Author and Pastor Timothy Keller said in his book, Prayer, “Prayer is a personal, communicative response to the knowledge of God.”
Job is a great example of someone who went through a journey to learn more about who God is. His journey was brutally hard. As you read throughout the book of Job you see his prayers change. His journey changed his knowledge of God and thus changed the way he talked to God. At first, he is processing his pain and suffering through prayer, then God reveals himself to Job. From that point, Job talks to God in repentance and adoration. The more clearly Job saw who God was, the fuller his prayers became – moving from mere complaint to confession, appeal, and praise. The power of our conversations with God lie not in our effort and striving, or in any technique, but rather our knowledge of God. God spoke to Job out of a whirlwind. Oh, how we long for God to show himself to us clearly and distinctly. The truth is that God speaks to us much clearer than a whirlwind.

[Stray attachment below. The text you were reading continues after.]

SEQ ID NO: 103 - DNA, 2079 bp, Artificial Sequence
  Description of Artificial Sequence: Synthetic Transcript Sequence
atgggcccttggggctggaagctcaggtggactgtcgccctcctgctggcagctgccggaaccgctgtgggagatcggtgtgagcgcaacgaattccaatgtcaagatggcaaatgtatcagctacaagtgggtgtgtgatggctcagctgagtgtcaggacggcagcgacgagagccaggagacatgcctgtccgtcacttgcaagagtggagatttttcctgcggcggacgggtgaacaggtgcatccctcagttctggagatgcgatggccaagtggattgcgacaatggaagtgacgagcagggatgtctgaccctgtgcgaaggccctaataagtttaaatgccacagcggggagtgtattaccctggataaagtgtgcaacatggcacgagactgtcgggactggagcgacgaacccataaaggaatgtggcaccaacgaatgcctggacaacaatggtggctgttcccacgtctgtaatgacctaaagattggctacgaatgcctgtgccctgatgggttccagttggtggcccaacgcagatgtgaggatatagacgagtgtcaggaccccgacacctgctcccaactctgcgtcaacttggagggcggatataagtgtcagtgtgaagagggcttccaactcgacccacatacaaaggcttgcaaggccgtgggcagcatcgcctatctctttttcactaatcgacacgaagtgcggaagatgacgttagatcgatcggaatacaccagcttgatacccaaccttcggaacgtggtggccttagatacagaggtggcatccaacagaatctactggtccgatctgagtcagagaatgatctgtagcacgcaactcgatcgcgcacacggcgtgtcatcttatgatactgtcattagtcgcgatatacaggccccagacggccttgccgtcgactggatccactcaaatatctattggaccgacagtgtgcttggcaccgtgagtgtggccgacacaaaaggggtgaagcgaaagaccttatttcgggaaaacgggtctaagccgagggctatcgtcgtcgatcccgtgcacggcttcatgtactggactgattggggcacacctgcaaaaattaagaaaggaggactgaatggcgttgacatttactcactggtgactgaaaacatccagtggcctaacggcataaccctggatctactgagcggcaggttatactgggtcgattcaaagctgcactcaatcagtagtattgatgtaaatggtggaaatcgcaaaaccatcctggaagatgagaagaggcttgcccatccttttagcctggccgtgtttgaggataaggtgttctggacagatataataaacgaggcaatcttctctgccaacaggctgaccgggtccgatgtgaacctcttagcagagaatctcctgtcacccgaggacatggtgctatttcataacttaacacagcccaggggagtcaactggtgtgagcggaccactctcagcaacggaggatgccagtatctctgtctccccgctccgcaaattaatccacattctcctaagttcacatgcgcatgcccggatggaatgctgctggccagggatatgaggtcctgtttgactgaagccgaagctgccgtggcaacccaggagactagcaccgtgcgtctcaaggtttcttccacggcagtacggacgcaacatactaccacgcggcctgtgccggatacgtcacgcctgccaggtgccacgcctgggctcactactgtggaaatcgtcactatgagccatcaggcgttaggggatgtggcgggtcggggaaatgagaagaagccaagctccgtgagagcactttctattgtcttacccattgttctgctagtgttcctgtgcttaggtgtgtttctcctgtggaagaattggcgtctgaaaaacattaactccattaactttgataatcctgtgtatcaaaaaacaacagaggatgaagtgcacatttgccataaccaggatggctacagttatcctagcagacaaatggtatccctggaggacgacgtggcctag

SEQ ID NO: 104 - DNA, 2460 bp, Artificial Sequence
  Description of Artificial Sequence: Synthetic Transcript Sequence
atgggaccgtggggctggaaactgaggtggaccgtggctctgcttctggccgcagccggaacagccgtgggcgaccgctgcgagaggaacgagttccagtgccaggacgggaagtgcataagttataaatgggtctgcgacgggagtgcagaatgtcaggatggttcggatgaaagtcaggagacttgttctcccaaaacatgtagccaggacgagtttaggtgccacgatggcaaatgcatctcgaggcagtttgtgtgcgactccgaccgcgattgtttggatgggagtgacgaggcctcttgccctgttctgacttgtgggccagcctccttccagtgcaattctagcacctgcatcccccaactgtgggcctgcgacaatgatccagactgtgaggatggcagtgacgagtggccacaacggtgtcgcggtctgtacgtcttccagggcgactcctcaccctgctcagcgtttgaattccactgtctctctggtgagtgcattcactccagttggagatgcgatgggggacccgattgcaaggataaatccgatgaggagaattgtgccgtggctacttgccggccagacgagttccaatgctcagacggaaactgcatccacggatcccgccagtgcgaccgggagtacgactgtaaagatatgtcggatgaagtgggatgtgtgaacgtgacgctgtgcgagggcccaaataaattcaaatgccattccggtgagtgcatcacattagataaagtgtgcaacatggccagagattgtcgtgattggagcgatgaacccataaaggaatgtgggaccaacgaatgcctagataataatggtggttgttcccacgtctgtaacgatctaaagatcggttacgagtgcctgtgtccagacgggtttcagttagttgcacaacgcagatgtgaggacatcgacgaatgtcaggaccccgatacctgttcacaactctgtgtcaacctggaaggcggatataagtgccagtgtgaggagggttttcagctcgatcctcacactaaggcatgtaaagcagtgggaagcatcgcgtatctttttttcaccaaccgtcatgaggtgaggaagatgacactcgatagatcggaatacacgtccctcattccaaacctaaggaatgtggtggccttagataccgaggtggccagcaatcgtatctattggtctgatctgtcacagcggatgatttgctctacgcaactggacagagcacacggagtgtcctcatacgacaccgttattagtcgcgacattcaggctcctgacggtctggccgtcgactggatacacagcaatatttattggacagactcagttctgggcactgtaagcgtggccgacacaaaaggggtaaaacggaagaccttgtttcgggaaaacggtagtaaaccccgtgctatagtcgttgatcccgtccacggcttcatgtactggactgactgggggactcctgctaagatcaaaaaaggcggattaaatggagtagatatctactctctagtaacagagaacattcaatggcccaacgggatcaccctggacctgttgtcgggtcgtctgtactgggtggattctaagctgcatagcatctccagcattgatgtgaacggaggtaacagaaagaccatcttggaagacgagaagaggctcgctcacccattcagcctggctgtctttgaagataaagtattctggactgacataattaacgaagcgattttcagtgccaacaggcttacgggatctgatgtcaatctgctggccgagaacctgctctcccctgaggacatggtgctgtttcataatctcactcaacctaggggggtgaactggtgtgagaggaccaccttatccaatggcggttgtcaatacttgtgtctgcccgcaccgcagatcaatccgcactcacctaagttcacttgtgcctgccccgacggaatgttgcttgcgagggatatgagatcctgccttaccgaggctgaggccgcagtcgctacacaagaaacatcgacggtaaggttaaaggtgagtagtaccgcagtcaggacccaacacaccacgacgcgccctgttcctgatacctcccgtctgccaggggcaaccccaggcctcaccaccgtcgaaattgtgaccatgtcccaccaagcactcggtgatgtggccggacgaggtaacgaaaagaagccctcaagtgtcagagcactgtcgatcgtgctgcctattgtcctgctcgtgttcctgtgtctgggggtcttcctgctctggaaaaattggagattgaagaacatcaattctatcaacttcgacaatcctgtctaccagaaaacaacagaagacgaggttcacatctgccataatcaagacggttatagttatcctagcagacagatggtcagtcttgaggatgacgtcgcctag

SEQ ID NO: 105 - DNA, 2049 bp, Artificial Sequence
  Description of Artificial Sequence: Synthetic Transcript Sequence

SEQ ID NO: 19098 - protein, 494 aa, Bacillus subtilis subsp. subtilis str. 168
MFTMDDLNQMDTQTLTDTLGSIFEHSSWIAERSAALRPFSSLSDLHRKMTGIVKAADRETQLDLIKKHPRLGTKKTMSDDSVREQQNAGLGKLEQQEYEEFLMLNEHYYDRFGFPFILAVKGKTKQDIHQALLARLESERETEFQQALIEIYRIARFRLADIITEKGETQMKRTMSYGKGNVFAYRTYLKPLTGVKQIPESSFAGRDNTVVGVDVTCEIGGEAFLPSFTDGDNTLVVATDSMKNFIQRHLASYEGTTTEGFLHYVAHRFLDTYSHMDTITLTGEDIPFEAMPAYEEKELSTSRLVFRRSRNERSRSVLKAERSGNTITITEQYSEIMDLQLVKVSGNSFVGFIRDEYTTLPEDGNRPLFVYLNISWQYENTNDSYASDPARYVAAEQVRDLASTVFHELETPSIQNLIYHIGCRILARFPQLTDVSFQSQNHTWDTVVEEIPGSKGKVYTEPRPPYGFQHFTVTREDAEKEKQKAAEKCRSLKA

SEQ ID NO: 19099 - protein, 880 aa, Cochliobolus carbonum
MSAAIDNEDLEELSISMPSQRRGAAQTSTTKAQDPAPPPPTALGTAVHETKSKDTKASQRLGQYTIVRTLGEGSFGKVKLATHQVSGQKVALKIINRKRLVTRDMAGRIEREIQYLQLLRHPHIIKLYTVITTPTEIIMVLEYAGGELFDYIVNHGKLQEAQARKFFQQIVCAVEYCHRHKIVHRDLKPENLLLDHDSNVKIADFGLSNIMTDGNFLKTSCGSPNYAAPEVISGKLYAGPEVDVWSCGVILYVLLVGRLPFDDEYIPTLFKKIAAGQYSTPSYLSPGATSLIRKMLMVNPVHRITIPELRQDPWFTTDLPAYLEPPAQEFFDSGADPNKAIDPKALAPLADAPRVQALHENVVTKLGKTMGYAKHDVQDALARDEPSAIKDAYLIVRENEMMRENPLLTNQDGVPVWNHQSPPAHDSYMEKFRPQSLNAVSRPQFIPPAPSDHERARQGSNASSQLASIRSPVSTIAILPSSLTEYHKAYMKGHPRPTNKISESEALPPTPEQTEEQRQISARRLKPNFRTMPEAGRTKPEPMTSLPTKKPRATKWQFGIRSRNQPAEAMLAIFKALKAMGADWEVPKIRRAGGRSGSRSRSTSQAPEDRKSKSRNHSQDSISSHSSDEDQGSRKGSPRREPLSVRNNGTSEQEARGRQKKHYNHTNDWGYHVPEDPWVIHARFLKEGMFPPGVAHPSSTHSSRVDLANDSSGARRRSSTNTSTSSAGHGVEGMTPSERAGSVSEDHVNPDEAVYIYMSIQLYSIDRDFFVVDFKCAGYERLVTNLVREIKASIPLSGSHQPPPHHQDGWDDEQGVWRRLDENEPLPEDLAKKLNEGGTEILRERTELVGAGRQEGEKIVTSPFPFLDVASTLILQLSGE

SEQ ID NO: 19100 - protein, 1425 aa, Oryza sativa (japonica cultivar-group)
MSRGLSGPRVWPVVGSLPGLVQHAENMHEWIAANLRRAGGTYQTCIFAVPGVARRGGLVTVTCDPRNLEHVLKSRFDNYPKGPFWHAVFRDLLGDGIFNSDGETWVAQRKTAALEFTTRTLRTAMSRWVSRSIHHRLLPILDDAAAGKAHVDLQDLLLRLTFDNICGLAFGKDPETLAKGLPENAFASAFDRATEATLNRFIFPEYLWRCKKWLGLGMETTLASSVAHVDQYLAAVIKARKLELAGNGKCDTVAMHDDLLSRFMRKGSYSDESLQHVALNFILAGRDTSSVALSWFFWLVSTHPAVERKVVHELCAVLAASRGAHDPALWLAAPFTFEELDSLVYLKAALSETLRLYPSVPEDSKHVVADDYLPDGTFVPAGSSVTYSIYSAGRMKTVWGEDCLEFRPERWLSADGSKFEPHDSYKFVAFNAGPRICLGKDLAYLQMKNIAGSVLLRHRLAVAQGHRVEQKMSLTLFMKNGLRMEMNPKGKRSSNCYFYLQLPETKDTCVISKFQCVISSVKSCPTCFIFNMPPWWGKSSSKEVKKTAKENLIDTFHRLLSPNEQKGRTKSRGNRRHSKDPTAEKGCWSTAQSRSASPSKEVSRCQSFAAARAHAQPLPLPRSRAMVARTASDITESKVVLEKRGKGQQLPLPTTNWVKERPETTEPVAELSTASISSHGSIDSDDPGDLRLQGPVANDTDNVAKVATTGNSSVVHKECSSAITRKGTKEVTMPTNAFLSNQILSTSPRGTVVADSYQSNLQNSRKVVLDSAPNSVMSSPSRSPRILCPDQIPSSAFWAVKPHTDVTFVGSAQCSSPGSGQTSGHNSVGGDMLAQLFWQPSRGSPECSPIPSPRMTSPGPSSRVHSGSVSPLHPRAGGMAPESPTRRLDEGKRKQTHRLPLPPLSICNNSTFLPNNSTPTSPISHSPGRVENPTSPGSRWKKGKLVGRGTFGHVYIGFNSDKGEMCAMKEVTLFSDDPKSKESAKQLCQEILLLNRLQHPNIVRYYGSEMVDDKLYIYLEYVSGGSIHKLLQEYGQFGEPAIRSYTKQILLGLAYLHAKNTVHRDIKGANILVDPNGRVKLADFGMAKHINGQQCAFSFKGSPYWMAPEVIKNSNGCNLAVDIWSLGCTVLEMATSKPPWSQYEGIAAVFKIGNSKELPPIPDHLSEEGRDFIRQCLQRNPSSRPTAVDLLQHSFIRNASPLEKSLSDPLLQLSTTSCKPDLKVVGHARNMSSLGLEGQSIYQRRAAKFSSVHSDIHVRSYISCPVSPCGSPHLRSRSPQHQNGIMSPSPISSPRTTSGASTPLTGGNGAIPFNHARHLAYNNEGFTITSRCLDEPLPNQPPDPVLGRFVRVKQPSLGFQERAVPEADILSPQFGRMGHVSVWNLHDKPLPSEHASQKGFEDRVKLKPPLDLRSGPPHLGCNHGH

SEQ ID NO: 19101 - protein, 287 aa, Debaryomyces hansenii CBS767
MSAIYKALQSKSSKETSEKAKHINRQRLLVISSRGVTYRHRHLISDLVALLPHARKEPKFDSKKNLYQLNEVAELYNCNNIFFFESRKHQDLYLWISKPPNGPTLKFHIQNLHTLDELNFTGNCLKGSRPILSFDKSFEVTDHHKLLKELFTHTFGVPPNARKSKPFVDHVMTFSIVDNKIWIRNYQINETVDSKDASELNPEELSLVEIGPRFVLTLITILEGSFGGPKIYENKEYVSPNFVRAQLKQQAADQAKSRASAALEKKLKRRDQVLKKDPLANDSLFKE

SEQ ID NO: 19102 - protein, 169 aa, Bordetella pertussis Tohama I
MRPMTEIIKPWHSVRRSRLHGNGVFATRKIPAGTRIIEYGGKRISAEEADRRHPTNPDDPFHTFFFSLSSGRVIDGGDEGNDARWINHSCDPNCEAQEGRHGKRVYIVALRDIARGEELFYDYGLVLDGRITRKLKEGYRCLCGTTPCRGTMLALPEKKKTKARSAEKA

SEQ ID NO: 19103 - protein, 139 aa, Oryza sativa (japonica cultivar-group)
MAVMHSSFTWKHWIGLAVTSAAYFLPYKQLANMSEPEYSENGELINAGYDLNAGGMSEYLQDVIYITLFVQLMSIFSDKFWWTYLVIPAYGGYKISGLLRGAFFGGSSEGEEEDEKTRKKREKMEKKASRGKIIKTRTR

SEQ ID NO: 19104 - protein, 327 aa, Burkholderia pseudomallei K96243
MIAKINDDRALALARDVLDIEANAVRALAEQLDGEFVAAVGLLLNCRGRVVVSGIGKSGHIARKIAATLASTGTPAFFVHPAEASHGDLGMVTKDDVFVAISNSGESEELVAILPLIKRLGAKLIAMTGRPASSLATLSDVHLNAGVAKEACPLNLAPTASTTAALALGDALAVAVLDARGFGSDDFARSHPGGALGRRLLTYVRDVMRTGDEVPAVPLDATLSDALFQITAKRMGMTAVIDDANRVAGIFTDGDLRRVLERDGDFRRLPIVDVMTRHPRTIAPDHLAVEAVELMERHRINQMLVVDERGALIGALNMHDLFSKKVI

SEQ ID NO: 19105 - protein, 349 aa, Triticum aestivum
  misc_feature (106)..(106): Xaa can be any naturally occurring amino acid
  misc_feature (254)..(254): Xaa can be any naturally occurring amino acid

Hebrews 1:1 Long ago, at many times and in many ways, God spoke to our fathers by the prophets, 2 but in these last days he has spoken to us by his Son, whom he appointed the heir of all things, through whom also he created the world. 3 He is the radiance of the glory of God and the exact imprint of his nature, and he upholds the universe by the word of his power. After making purification for sins, he sat down at the right hand of the Majesty on high, 4 having become as much superior to angels as the name he has inherited is more excellent than theirs.
Jesus Christ is the Word of God. (John 1:1) When we look to Jesus Christ we are looking at the glory of God through the filter of human nature. Let’s get to know God! The easiest and clearest way to get to know God is read his Word. Read the whole thing, but if you are new to the relationship, read about Jesus in Matthew, Mark, Luke and John. Once you read about God in the flesh. You start to communicate his language little by little. Most likely no one in the room remembers when you learned to speak. Why? Because you were little. Think about the way a small child learns to speak. The child is not trying to learn a language. Instead, that language is being spoken into the child from the parents and others around her.